The Carthusian rite is in use in a version revised in 1981.6 Apart from the new elements in this revision, it is substantially the rite of Grenoble in the 12th century, with some admixture from other sources.7 Among other differences from the Roman Order of Mass, the deacon prepares the gifts while the Epistle is being sung, the celebrating priest washes his hands twice at the offertory and says the eucharistic prayer with arms extended in the form of a cross except when using his hands for some specific action, and there is no blessing at the end of Mass.8
The African Rite was used, before the 8th-century Arab conquest, in Latin-speaking North Africa, in particular the Roman province of Africa, corresponding to modern-day Tunisia, of which Carthage was the capital. It was very close to the Roman Rite, so much so that Western liturgical traditions have been classified as belonging to two streams, the North African-Rome tradition, and the Gallican (in the broad sense) tradition encompassing the rest of the Western Roman Empire, including northern Italy.9
The ancient Celtic Rite was a composite of non-Roman ritual structures (possibly Antiochian) and texts not exempt from Roman influence, that was similar to the Mozarabic Rite in many respects and would have been used at least in parts of Ireland, Scotland, the northern part of England and perhaps even Wales, Cornwall and Somerset, before being authoritatively replaced by the Roman Rite in the early Middle Ages. "Celtic" is possibly a misnomer and it may owe its origins to Augustine's re-evangelisation of the British Isles in the 6th century. Little is known of it, though several texts and liturgies survive.
Some Christians–typically groups not in communion with the Roman Catholic Church, especially some Western Orthodox Christian communities in communion with Eastern Orthodox Churches, e.g. Celtic Orthodoxy–have attempted to breathe life into a reconstruction of the Celtic Rite the historical accuracy of which is debated. Historical evidence of this rite is found in the remnants of the Stowe (Lorrha) Missal.
The Gallican Rite is a retrospective term applied to the sum of the local variants, on similar lines to that designated elsewhere as the Celtic Rite (above) and the Mozarabic Rite, which faded from use in France by the end of the first millennium. It should not be confused with the so-called Neo-Gallican liturgical books published in various French dioceses after the Council of Trent, which had little or nothing to do with it.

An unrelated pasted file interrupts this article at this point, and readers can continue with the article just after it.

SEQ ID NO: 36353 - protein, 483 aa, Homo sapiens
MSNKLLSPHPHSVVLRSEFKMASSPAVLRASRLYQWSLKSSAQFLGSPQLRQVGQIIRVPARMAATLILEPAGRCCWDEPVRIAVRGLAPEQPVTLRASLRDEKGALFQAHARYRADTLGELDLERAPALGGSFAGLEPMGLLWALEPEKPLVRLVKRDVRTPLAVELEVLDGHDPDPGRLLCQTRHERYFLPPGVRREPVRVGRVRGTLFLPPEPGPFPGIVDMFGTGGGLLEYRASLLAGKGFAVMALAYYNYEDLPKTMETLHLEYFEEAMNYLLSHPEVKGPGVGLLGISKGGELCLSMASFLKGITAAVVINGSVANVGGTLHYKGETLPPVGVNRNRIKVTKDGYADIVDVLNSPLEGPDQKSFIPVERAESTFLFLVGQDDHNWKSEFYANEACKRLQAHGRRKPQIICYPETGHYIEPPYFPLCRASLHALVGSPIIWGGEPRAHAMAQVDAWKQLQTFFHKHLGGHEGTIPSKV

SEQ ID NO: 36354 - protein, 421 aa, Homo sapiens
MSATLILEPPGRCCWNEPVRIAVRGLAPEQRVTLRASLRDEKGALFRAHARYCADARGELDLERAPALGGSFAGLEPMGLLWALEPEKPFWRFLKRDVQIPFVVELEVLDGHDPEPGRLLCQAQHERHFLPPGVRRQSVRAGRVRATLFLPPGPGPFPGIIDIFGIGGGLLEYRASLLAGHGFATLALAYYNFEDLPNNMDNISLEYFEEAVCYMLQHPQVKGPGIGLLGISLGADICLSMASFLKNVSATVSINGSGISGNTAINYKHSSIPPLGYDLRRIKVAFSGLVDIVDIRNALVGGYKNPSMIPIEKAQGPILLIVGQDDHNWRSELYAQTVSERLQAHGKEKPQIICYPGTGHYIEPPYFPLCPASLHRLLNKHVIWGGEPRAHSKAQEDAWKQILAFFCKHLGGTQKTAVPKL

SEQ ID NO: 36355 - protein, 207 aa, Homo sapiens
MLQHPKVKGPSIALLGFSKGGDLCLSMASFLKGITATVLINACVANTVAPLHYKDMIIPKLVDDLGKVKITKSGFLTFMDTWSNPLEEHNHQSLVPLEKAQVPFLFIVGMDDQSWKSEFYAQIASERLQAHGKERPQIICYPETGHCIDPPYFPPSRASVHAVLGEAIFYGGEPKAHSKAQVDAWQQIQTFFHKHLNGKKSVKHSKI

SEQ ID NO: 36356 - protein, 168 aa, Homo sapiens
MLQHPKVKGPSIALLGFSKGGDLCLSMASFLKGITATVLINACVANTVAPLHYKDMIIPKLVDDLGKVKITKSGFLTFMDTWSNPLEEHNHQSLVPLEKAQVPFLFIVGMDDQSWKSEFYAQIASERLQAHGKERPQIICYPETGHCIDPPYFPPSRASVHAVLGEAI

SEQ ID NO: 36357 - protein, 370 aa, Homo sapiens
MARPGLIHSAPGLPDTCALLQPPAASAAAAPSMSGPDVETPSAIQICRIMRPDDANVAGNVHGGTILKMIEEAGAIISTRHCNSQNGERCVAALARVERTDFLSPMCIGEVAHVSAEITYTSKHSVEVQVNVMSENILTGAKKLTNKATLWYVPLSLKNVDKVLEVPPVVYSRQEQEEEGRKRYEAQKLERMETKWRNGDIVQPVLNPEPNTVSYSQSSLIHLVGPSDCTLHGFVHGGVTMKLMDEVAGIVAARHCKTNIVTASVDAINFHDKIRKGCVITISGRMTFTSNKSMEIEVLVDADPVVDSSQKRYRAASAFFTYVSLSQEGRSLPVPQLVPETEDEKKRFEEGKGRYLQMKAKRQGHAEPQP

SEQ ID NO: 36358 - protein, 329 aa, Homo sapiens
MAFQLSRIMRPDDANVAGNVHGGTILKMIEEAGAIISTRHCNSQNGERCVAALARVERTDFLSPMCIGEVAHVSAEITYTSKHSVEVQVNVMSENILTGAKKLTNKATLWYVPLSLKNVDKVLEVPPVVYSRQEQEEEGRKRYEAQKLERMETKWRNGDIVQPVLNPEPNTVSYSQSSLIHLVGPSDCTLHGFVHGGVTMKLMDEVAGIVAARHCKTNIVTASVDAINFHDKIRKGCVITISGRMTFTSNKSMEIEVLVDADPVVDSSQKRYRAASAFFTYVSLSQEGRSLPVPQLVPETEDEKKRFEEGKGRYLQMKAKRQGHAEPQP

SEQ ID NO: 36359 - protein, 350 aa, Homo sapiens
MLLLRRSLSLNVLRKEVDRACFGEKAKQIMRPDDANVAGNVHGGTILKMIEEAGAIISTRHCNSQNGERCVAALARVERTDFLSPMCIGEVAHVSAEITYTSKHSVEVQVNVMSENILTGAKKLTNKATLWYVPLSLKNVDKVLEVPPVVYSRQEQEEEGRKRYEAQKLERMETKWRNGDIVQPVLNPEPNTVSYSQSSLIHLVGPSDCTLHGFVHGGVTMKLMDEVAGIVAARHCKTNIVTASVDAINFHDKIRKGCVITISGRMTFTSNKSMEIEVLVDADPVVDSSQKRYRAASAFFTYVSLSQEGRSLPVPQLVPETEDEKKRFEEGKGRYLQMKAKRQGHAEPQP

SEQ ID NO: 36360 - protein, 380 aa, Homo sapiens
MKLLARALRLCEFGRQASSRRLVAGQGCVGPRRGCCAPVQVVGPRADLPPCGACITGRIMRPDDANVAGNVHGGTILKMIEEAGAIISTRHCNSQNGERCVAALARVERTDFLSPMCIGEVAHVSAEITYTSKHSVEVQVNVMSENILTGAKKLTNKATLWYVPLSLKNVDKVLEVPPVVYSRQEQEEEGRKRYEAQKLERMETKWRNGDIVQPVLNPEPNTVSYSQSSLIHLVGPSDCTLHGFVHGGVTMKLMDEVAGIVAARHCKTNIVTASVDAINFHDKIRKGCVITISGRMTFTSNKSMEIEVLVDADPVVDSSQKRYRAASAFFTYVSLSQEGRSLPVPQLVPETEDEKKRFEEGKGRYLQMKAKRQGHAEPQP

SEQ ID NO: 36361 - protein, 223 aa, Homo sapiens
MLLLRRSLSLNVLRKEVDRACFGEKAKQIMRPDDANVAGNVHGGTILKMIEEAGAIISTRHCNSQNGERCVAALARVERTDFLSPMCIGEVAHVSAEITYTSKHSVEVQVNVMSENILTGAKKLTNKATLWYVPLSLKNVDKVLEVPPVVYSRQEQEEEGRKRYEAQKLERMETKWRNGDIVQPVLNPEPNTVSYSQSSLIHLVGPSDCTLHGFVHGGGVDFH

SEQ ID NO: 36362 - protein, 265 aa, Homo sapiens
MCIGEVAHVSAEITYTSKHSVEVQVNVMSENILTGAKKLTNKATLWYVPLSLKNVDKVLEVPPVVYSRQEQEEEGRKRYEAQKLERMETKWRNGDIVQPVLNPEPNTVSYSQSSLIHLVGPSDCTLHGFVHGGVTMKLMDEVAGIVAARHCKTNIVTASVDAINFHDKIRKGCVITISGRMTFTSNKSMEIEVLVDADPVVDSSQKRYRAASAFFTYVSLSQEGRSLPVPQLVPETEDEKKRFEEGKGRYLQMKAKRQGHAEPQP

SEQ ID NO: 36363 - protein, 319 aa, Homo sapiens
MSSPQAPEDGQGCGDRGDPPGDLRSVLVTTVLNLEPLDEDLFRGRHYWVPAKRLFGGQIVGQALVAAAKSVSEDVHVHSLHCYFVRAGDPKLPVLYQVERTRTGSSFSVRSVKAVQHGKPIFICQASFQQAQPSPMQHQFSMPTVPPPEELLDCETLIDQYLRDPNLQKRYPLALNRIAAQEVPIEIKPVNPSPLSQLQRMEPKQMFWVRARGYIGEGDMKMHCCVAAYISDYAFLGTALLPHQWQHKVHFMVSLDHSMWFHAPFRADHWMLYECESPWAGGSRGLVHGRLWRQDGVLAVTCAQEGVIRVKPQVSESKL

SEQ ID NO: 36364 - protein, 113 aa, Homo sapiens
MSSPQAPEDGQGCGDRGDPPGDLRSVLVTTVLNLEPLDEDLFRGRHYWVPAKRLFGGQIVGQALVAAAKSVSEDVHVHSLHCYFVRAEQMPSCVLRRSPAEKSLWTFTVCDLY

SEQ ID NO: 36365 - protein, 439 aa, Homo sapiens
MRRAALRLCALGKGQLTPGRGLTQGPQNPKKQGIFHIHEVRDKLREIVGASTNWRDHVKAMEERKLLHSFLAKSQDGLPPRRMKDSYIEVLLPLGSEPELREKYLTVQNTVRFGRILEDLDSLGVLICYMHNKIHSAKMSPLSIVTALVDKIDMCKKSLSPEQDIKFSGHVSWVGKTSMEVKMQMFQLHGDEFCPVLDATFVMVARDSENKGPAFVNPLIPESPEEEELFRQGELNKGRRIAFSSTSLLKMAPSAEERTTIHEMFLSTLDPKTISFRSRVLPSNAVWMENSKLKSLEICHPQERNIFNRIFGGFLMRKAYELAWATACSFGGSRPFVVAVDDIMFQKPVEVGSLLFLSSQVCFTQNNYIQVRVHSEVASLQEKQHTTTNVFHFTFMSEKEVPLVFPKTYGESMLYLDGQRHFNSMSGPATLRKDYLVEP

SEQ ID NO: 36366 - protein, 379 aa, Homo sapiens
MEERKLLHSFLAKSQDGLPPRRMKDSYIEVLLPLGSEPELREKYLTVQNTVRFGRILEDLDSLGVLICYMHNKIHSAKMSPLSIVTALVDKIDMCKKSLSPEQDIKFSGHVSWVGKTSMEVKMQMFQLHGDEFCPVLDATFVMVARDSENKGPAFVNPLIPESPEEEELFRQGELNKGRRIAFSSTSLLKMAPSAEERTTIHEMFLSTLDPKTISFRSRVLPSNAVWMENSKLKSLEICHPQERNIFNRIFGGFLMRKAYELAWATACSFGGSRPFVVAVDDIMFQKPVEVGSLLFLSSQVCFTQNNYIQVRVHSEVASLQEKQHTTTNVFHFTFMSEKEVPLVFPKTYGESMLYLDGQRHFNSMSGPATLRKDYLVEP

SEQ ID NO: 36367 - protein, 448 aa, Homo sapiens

Several local rites (more properly, uses or variants of the Roman Rite) of limited scope existed, but are now defunct.
- The Sarum Rite (more properly Sarum Use), a defunct variant on the Roman Rite originating in the Salisbury diocese, which had come to be widely practised in England and Scotland around the 1530s, while the Protestant Reformation swept across continental Europe; practised alongside limited other variants such as the Use of York, Lincoln Use, Bangor Use, and Hereford Use.
- The Cologne Use, used in the diocese of Cologne (German: Köln) prior to 1570.
- The Lyonese Rite of the diocese of Lyon, France, which some consider to have been (rather than Milan) the centre of diffusion of the Gallican liturgy.10
- The Nidaros Use, long defunct, based mainly on imported English liturgical books, used in pre-Reformation Norway.
- The Uppsala Use, suppressed during the Reformation, formerly the dominant variant of the Roman Rite used in northern Sweden.
- The Aquileian Rite, a defunct rite originating in the former patriarchate of Aquileia in northern Italy.
- The Benevento Rite, a defunct Latin rite originated in this city in Italy.
- The Durham Rite (defunct: Durham, England)
- The Esztergom Use (defunct: Archdiocese of Esztergom, used between the 12th and 17th centuries primarily in the Archdiocese of Esztergom & in its suffragan dioceses.
Some religious orders celebrated Mass according to rites of their own, dating from more than 200 years before the papal bull Quo primum. These rites were based on local usages and combined elements of the Roman and Gallican Rites. Following the Second Vatican Council, they have mostly been abandoned, except for the Carthusian Rite (see above). Religious orders of more recent origin have never had special rites.
The following previously existing rites of Mass, distinct from the Roman Rite, continue to be used on a limited basis by the permission of ecclesiastical superiors:
The Catholic Encyclopedia applied the word "rite" also to the practices followed (to some extent even now, a century later) by certain Catholic religious orders, while at the same time stating that they in fact followed the Roman Rite:
- Alexandrian Rite
- Antiochene Rite
- Armenian Rite
- Byzantine Rite
- East Syrian Rite
- West Syrian Rite
- List of Catholic rites and churches
- Roman Catholic calendar of saints
- Apostolic Constitution Anglicanorum coetibus, art. III
- Salvucci, Claudio R. 2008. The Roman Rite in the Algonquian and Iroquoian Missions. Merchantville, NJ:Evolution Publishing. See also http://mysite.verizon.net/driadzbubl/IndianMasses.html
- Oxford Dictionary of the Christian Church (Oxford University Press 2005 ISBN 978-0-19-280290-3), article Ambrosian rite
- Braga - Capital de Distrito (in Portuguese)
- Filipe d’Avillez, "The Rite of Braga Celebrated Yesterday in Fatima"
- The text of the Carthusian Missal and the Order's other liturgical books is available at Carthusian Monks and Carthusian nuns
- The Carthusian Order in Catholic Encyclopedia. The text of the former Ordo Missae of the Carthusian Missal is available at this site.
- Non-Roman Latin or Western Rites
- Early Western Liturgics
- See the section Liturgy of the article Lyons in the Catholic Encyclopedia
- Dom Fernand Cabrol's The Mass of the Western Rites
- Non-Roman Latin or Western Rites
- An African Interpretation of Liturgical Inculturation: The Rite Zairois